- The developing human organism during the period (week 9 until birth) when rapid growth and further development of the structures, organs, and systems of the body occur.
- Harmful agents in the prenatal environment, which can have a negative impact on prenatal development or even cause birth defects.
- critical period
- A period so important to development that a harmful environmental influence at that time can keep a bodily structure from developing normally or can impair later intellectual or social development.
- fetal alcohol syndrome
- A condition, caused by maternal alcohol intale during pregnancy, in which the baby is born mentally retarded, with a small head and facial, organ, and behavioral abnormalities.
- A person's behavioral style or characteristic way of responding to the environment.
- The strong affectionate bond a child forms with the mother or primary caregiver.
- seperation anxiety
- The fear and distress shown by a toddler when the parent leaves, occuring from 8 to 24 months and reaching a peak between 12-18 months.
- stranger anxiety
- A fear of strangers common in infants at about 6 months and increasing in intensity until about 12 months, and then declining in the second year.
- secure attachment
- Eagerly seek to reestablish the connection and then show an interest in play. Use mother as a safe base.
- avoidant attachment
- Not responsive to their mother when she is present and not troubled when she leaves. May avoid contact when mother returns.
- resistant attachment
- Child prefers close contact with their mother. When the mother returns to the child after a period of seperation, the child displays anger and either push her away or hit her.
- disorganized/disoriented attachment
- When reunited with their mother the infant may purposely look away from their mother or approach her expressionless.
- The process of learning socially acceptable behaviors, attitudes, and values.
- authoritarian parents
- Parents who make arbitrary rules, expect unquestioned obedience from their children, punish trangressions, and value obedience to authority.
- authoritative parents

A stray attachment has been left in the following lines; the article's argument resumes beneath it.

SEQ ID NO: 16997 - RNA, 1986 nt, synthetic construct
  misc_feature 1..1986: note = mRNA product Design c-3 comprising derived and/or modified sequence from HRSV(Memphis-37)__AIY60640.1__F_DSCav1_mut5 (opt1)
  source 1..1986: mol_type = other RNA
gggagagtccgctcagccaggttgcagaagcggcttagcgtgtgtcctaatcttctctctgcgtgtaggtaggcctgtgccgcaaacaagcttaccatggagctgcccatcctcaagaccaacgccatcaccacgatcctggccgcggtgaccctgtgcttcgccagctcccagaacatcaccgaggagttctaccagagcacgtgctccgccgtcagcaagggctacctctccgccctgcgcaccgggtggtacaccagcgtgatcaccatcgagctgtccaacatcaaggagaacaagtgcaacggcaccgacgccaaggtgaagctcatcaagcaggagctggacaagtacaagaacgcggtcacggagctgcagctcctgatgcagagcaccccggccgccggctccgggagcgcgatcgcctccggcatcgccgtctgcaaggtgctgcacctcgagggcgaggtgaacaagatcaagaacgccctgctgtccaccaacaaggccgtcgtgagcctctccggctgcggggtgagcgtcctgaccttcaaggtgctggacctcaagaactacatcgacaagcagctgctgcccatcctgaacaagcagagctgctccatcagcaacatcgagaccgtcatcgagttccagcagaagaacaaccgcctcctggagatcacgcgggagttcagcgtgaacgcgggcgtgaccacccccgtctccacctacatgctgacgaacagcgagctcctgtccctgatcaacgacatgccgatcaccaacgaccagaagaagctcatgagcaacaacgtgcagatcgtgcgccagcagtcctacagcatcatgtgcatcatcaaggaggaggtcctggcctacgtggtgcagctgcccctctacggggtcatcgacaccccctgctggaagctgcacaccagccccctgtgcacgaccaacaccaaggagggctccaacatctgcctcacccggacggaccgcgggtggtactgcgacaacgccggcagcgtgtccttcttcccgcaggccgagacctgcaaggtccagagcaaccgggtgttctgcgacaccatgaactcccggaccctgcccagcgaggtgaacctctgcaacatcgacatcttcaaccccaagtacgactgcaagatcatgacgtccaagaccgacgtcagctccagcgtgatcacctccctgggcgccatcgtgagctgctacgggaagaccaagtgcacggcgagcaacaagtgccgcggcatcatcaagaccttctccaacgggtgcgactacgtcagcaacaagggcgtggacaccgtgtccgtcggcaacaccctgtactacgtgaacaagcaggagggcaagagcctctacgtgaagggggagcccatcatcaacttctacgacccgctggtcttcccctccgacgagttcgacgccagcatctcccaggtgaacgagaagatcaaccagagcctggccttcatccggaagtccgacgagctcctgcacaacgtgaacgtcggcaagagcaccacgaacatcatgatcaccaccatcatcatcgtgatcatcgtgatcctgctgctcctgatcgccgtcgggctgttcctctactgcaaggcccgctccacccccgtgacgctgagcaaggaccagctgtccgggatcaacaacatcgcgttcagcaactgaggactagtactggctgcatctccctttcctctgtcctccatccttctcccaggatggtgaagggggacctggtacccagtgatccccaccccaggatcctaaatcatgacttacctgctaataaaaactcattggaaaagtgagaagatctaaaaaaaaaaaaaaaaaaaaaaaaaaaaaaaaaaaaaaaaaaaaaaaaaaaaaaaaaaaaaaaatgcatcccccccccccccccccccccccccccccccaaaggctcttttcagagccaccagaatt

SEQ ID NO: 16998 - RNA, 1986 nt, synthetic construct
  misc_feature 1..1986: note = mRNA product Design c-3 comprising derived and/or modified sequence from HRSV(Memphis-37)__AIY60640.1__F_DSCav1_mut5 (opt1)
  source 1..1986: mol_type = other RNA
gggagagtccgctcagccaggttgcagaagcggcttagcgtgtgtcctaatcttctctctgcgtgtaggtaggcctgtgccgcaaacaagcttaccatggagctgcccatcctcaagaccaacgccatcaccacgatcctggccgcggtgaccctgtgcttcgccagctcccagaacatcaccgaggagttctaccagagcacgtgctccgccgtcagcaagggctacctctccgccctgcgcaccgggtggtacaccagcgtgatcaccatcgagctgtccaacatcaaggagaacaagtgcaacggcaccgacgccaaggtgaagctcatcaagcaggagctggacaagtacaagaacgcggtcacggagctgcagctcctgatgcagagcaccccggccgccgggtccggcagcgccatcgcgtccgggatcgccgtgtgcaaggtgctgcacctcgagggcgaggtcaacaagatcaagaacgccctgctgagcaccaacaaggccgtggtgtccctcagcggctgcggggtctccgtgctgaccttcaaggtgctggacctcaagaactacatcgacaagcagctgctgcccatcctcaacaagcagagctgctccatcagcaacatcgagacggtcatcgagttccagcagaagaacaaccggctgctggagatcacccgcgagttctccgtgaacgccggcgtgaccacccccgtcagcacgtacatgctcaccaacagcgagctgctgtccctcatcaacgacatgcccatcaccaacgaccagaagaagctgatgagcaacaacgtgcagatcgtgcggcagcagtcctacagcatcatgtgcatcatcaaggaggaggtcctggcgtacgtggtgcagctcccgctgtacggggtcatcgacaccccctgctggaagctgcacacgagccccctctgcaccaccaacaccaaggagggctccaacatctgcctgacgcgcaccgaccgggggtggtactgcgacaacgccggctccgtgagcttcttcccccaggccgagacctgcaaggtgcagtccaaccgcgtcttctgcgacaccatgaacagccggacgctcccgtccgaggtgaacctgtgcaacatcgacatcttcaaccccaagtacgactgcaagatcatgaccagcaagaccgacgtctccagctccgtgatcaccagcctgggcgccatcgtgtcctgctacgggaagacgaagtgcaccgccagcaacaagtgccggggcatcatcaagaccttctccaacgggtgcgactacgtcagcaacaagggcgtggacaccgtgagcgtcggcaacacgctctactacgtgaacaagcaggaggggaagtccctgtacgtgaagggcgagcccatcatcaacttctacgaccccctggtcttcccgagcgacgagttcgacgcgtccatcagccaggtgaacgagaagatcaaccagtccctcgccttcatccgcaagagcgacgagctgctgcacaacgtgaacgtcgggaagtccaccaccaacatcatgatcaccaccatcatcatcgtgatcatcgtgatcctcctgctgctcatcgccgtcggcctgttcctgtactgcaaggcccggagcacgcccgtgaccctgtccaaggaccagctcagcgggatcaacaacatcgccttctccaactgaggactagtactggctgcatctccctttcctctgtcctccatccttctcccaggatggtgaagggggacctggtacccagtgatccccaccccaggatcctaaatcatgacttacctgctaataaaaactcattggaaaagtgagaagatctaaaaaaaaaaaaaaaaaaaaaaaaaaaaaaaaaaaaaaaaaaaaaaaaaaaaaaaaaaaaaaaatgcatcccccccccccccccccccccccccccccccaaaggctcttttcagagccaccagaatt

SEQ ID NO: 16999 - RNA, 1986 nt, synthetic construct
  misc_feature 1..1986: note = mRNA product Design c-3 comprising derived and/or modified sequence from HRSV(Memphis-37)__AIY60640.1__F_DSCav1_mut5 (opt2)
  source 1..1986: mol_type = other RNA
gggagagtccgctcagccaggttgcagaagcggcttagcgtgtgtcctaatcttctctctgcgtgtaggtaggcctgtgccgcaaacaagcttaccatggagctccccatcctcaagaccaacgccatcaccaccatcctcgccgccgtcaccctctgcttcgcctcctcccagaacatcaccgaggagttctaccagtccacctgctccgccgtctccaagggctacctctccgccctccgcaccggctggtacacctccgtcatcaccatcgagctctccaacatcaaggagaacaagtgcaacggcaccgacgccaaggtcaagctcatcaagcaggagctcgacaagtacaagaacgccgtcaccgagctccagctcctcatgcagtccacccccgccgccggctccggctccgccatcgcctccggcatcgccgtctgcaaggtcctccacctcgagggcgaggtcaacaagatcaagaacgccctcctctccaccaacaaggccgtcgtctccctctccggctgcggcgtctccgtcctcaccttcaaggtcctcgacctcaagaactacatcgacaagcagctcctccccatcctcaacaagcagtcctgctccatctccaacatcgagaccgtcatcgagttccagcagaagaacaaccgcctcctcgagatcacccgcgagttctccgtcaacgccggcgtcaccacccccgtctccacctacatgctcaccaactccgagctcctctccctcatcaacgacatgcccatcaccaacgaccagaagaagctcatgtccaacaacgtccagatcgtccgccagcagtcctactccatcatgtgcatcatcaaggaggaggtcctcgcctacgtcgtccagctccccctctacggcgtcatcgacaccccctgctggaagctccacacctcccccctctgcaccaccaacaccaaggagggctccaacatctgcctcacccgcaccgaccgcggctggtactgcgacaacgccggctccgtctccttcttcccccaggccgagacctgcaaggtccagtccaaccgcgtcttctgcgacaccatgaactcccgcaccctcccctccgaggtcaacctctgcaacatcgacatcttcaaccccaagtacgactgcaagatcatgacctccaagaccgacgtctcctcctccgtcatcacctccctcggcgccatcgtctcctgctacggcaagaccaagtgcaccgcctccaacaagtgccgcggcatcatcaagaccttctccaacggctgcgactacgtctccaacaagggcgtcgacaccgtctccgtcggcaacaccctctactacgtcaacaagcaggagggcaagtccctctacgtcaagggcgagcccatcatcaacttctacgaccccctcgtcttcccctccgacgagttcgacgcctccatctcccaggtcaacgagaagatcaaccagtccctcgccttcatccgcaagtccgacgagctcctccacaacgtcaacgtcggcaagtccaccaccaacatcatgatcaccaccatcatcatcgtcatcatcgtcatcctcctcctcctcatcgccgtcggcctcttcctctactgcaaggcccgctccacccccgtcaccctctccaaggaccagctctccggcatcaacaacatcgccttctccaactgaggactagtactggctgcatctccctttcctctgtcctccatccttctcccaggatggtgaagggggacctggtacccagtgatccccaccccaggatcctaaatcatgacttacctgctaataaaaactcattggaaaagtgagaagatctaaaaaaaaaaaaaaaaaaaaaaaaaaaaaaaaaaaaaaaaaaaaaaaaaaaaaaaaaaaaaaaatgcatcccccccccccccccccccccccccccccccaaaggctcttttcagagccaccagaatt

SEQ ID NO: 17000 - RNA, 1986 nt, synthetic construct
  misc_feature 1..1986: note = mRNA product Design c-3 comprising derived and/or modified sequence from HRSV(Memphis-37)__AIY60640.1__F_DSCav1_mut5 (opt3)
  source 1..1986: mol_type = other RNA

- Parents who set high but realistic standards, reason with the child, eforce limits, and encourage open communication and independence.
- permissive parents
- Parents who make few rules or demands and allow children to make their own decisions and control their own behavior.
- gender roles
- Cultural expectations about the behavioral appropriate for each gender.
- The developmental stage that begins at puberty and encompasses the period from the end of childhood to the beginning of adulthood.
- A period of rapid physical growth and change that culminates in sexual maturity.
- seconday sexual characteristics
- Those physical characteristics that are not directly involved in reproduction but distinguish the mature male from the mature female.
- The onset of menstration.
- crystallized intelligence
- Aspects of intelligence, including verbal ability and accumulated knowledge, that tend to increase over the lifespan.
- fluid intelligence
- Apects of intelligence involving abstract reasoning and mental flexibility, which peak in the early 20s and decline slowly as people age.
- A state of mental deterioration characterized by impaired memory and intellect and by altered personality and behavior.
- Alzheimer's disease
- An incurable form of dementia characterized by progressive deterioration of intellect and personality, resulting from widespread degeneration of brain cells.
- sucessful aging
- Maintaining one's physical health, mental abilties, social competence, and overall satisfaction with life as one gets older.
- 1 Stage in terms with dying
- Most patients react to the diagnosis of their termal illness with shock and disbelief.
- 2 Stage in terms with dying
- marked by feelings of anger, resentment, and envy of those who are young and helthy.
- 3 Stage in terms with dying
- Person attempts to postpone death in return for a promise of "good behavior". May offer God some special surface.
- 4 Stage in terms with dying
- Brings a great sense of loss over past losses or impending losses.
- 5 Stage in terms with dying
- Patients stop struggling against death and contemplate its coming without fear or despair.